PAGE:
The arrangement of water as a polar molecule has exactly the effect that you would suspect. The positive and negative areas are attracted to the corresponding negative and positive regions of the water molecules surrounding it. Water molecules act like tiny magnets. This albeit weak, attraction between polar molecules is called Hydrogen Bonding. It does some very strange things to water. One of the most unusual is the property of cohesion. Water molecules tend to stick to each other.
If you have ever waxed a car and then driven into a rain storm you have seen water “bead up” on the hood. Water forms droplets of considerable size because the molecules are attracted to and hold onto each other with surprising tenacity. An excellent way to see this for yourself is the following experiment…
You will need a penny, an eyedropper, a bottle of water, and a bottle of some organic solvent (acetone – nail polish remover, or alcohol (90% isopropyl, not that cheap Wal-Mart mix) will work. Start with the water and see how many drops you can drop on the penny before the puddle you are creating breaks and runs off. Now try the same with the NON-POLAR solvent. Having done this experiment many times over with my students from year to year I can verify that it is possible to drop over 100 drops of water onto the surface of a penny before it runs off. With alcohol you might get 30 or 40 and with acetone, even less. The non-polar liquids lack cohesion. The molecules are neutral and not attracted to each other. In short, those liquids have no SURFACE TENSION. If you waxed a car and then ran off into an alcohol shower you would find that the liquid would not form beads. Also the miraculous little creature above would sink helplessly beneath the waves of a lake of acetone, never to rise again. The liquid would not support him, not because he was too heavy but because he did not have a surface of molecules holding on to each other, to support him. The boiling point of water, its ability to gather and hold heat, the fact that liquid water is more dense than frozen water, as well as this little guy’s ability to stand on the surface supported only by surface tension; all these unusual behaviors are properties of water’s unique chemical and physical makeup.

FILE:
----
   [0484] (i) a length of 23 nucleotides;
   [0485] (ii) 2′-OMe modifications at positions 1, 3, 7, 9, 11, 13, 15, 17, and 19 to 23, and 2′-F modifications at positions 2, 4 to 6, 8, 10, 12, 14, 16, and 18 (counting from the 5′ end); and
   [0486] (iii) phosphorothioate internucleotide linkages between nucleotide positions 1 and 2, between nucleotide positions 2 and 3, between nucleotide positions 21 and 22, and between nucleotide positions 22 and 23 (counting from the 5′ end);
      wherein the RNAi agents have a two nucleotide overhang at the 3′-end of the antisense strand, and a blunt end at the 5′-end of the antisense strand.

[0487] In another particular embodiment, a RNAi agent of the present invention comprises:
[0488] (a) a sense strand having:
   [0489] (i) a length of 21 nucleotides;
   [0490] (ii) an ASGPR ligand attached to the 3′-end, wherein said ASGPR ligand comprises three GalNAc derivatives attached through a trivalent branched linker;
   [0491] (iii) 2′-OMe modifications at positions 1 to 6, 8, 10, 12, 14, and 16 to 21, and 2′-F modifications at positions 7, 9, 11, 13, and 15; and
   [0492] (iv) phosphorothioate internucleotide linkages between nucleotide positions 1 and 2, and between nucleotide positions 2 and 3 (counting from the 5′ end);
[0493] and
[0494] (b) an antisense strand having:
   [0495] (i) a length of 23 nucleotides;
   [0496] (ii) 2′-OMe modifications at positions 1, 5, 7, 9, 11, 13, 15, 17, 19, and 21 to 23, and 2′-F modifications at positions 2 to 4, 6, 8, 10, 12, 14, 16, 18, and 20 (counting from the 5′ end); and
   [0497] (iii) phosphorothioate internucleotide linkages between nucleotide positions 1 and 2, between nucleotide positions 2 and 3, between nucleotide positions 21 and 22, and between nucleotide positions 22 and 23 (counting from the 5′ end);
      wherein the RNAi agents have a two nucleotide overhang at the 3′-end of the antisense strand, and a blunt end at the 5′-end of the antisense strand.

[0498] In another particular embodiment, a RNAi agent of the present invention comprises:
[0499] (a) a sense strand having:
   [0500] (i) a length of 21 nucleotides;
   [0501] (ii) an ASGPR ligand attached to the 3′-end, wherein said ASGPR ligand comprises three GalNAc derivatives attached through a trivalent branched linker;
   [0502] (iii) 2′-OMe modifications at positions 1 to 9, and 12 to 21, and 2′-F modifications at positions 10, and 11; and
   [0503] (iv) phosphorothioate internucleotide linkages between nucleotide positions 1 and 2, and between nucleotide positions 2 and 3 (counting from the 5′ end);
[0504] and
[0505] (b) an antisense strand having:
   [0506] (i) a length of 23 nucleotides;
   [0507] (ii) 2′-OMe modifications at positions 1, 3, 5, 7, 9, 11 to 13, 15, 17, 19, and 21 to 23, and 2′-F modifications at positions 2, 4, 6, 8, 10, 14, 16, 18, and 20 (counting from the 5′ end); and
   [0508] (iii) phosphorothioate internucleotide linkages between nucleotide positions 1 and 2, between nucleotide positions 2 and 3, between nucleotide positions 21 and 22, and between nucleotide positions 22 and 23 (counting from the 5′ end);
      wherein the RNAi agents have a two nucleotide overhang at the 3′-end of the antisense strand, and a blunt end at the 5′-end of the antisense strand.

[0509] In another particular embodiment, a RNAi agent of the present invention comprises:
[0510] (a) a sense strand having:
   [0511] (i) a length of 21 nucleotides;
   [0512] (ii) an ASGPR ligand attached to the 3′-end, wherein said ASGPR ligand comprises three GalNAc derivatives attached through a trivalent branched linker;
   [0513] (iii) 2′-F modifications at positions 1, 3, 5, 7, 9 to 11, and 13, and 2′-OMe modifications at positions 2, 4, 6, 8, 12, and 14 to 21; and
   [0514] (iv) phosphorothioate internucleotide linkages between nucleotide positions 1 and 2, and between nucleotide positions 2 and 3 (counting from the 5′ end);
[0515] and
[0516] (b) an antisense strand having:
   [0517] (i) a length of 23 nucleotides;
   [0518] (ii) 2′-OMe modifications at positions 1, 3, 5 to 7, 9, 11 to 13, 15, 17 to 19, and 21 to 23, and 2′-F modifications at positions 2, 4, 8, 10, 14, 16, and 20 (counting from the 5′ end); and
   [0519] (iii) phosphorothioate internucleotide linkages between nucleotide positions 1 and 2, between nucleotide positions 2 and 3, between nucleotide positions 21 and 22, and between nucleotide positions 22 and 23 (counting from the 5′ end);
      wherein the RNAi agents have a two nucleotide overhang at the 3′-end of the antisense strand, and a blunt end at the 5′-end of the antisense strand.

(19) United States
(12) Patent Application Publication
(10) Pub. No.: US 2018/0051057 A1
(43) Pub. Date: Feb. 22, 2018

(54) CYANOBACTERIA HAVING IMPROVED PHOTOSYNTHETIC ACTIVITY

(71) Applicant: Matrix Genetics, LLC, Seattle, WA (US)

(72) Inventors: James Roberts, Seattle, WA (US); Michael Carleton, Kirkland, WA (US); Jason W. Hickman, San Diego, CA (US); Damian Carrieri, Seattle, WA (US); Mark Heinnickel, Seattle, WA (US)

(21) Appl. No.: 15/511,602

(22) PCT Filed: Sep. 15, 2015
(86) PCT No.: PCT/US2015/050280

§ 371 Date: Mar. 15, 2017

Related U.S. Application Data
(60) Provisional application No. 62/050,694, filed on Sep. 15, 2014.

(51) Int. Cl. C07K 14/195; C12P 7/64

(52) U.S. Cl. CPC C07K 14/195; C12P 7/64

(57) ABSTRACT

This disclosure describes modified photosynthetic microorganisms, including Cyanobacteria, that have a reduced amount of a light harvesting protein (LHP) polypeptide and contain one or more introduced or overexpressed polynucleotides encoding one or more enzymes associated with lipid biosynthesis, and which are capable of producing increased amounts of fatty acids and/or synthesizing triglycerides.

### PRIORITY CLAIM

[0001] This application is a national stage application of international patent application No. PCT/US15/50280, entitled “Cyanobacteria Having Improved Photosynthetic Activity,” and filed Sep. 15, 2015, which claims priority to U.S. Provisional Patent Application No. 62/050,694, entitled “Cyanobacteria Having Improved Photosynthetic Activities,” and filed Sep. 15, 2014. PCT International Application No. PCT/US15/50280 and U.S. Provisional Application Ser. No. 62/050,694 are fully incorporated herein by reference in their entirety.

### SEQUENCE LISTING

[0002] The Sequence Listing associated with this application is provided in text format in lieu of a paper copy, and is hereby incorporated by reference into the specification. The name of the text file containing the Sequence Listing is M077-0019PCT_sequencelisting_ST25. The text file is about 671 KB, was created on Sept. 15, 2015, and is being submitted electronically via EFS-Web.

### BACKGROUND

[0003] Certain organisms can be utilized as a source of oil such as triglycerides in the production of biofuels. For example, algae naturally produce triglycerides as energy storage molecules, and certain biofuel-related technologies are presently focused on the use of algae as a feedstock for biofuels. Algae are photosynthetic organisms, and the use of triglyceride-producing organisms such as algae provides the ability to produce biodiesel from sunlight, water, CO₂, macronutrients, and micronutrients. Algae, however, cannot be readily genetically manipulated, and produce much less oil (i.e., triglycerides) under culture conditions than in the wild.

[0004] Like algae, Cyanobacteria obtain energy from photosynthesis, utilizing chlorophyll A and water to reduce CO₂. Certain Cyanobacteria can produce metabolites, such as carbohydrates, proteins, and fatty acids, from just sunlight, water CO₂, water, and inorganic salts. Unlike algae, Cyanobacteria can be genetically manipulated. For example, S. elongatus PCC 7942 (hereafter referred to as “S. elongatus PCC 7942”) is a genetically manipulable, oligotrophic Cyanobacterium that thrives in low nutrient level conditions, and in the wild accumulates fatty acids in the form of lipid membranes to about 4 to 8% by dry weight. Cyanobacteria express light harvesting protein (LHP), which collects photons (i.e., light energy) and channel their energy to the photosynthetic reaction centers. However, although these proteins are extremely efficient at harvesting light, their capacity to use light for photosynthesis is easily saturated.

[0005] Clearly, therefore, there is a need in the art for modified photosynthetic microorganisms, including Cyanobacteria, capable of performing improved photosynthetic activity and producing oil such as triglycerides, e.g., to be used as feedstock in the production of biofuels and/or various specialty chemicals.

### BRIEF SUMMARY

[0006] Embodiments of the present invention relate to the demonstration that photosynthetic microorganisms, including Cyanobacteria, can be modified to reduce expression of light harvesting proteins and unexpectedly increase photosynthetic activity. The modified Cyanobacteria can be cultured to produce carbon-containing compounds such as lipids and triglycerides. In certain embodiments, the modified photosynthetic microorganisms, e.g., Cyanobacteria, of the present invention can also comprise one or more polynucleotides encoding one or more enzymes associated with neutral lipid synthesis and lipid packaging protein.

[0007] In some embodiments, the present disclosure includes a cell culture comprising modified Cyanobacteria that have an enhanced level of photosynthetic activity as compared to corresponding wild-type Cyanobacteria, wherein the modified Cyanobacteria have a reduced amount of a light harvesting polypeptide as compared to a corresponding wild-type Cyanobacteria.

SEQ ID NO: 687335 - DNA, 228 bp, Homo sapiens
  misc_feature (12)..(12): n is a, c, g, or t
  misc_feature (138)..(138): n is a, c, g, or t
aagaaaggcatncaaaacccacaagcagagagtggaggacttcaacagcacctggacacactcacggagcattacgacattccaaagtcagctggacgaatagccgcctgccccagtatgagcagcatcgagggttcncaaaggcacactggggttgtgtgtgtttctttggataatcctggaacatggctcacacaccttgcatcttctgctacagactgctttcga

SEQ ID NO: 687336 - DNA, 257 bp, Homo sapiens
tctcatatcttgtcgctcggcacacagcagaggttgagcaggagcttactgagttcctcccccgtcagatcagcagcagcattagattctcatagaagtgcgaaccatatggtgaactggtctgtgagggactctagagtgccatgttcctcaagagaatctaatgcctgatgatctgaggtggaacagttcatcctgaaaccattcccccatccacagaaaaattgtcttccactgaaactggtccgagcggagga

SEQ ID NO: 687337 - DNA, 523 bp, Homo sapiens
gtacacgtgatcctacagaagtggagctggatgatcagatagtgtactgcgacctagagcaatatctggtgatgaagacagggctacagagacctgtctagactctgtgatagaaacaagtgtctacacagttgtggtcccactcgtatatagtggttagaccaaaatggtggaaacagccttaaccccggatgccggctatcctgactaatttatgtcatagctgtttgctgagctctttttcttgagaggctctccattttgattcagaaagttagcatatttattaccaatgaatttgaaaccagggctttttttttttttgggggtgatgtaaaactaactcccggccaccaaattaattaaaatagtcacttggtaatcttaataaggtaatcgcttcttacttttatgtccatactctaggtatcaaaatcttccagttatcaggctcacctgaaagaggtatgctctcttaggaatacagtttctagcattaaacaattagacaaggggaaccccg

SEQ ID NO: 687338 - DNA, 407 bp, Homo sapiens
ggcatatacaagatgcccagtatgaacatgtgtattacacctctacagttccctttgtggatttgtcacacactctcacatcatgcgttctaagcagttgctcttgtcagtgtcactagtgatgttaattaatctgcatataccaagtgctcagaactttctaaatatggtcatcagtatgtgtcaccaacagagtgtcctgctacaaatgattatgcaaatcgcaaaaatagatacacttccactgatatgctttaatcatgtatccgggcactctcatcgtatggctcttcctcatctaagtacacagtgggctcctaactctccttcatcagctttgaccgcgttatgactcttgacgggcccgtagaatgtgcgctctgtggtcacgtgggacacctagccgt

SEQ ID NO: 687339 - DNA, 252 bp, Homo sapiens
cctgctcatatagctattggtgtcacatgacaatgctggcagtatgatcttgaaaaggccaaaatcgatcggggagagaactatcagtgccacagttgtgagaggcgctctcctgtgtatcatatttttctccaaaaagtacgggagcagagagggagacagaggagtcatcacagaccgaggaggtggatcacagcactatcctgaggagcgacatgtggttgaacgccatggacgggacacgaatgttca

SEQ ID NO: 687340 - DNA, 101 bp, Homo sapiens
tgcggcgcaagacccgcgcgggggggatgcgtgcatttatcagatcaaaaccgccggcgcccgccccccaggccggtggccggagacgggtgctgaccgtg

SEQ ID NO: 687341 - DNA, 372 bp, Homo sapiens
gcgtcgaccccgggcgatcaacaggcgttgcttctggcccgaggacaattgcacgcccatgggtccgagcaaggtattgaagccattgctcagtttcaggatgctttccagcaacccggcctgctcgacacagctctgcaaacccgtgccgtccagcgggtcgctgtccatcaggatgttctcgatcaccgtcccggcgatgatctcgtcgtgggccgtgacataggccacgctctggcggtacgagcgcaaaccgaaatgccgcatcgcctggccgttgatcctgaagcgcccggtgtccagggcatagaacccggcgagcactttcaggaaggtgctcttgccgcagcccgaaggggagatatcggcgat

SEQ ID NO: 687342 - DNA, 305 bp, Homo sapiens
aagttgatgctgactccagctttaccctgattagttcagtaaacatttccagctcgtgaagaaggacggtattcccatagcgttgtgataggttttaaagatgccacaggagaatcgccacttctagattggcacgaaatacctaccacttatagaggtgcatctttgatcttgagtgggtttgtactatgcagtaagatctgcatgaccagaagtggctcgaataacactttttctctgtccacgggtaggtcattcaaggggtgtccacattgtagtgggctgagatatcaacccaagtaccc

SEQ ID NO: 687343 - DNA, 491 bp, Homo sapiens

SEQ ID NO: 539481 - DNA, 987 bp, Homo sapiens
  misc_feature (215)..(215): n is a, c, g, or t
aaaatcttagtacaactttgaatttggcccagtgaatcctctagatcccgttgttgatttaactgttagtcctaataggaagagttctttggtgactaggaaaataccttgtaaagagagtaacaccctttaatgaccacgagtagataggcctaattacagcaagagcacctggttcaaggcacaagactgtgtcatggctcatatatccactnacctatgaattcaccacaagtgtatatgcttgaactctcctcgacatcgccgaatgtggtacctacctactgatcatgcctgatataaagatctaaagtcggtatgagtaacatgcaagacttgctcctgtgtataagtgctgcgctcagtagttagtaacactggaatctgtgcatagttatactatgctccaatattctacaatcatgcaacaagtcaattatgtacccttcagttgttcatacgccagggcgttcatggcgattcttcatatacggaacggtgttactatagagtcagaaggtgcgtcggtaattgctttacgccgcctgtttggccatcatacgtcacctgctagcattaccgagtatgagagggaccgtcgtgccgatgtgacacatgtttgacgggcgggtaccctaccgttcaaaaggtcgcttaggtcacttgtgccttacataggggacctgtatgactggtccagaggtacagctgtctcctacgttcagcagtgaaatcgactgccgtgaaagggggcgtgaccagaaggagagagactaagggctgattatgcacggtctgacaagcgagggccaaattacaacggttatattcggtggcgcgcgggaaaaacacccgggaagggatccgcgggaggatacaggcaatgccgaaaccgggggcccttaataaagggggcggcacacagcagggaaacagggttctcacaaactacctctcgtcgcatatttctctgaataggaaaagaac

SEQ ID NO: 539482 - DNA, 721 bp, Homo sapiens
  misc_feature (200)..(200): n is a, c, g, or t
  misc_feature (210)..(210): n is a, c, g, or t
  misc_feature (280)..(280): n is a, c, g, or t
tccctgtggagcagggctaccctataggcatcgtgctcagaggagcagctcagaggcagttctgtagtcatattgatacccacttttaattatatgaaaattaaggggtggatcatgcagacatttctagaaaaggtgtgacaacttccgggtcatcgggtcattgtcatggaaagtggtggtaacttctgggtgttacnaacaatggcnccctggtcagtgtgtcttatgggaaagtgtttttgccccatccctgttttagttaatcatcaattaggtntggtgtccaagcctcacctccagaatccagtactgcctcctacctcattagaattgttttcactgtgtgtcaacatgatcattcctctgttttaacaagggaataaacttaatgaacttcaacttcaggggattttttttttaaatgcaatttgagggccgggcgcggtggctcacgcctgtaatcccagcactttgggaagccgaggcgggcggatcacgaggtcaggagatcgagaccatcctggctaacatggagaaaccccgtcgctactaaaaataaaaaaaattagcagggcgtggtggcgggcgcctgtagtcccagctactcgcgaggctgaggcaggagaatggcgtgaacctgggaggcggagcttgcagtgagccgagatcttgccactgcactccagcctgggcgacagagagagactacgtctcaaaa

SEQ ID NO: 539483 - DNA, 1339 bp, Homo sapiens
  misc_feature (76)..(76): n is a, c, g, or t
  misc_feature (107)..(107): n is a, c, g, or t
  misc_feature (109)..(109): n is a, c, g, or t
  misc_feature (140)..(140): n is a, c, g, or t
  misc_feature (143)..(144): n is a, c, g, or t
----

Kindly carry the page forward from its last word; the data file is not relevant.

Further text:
“Why”, you ask, “do we REALLY need a lesson in the chemistry of water?” Perhaps not, but we MIGHT be able to draw some insight from an analogy on the way water behaves. It is said that opposites attract and indeed, the positive and negative parts of each water molecule do attract each other, but the result is that every water molecule, and each is identical to the others, is attracted to its neighbor. They have the same nature and so they are attracted to each other; not what you might expect. As Christians, we have indwelling each of us, the same nature.
“For who hath known the mind of the Lord, that he may instruct him? but we have the mind of Christ.” (1 Cor. 2:16)
The nature of Jesus Christ is in each and every Christian. Something in all Christians resonates at the same frequency and THIS force or effect is what pulls us together in His service.
“And they, continuing daily with one accord in the temple, and breaking bread from house to house, did eat their meat with gladness and singleness of heart,” (Acts 2:46)
Like the early disciples, we, if we allow Christ to indwell us fully, are held together by His nature. Because of this attraction we can be more than the sum of our parts. Just as water boils at a much higher temperature than it should, the Christian can show incredible patience through the most trying of times. As a thin stream of water will bend away from an oppositely charged object, so the committed Christian can overcome a temptation or obstacle that he or she would, in their own strength, be destroyed by.
Perhaps there is a lesson to be learned here. Sometimes, opposites repel and similar things attract. However, in order to experience this power you must partake of the nature of the source. Allow Christ free rein in your life and you will find an incredible source of strength. You might even walk on water.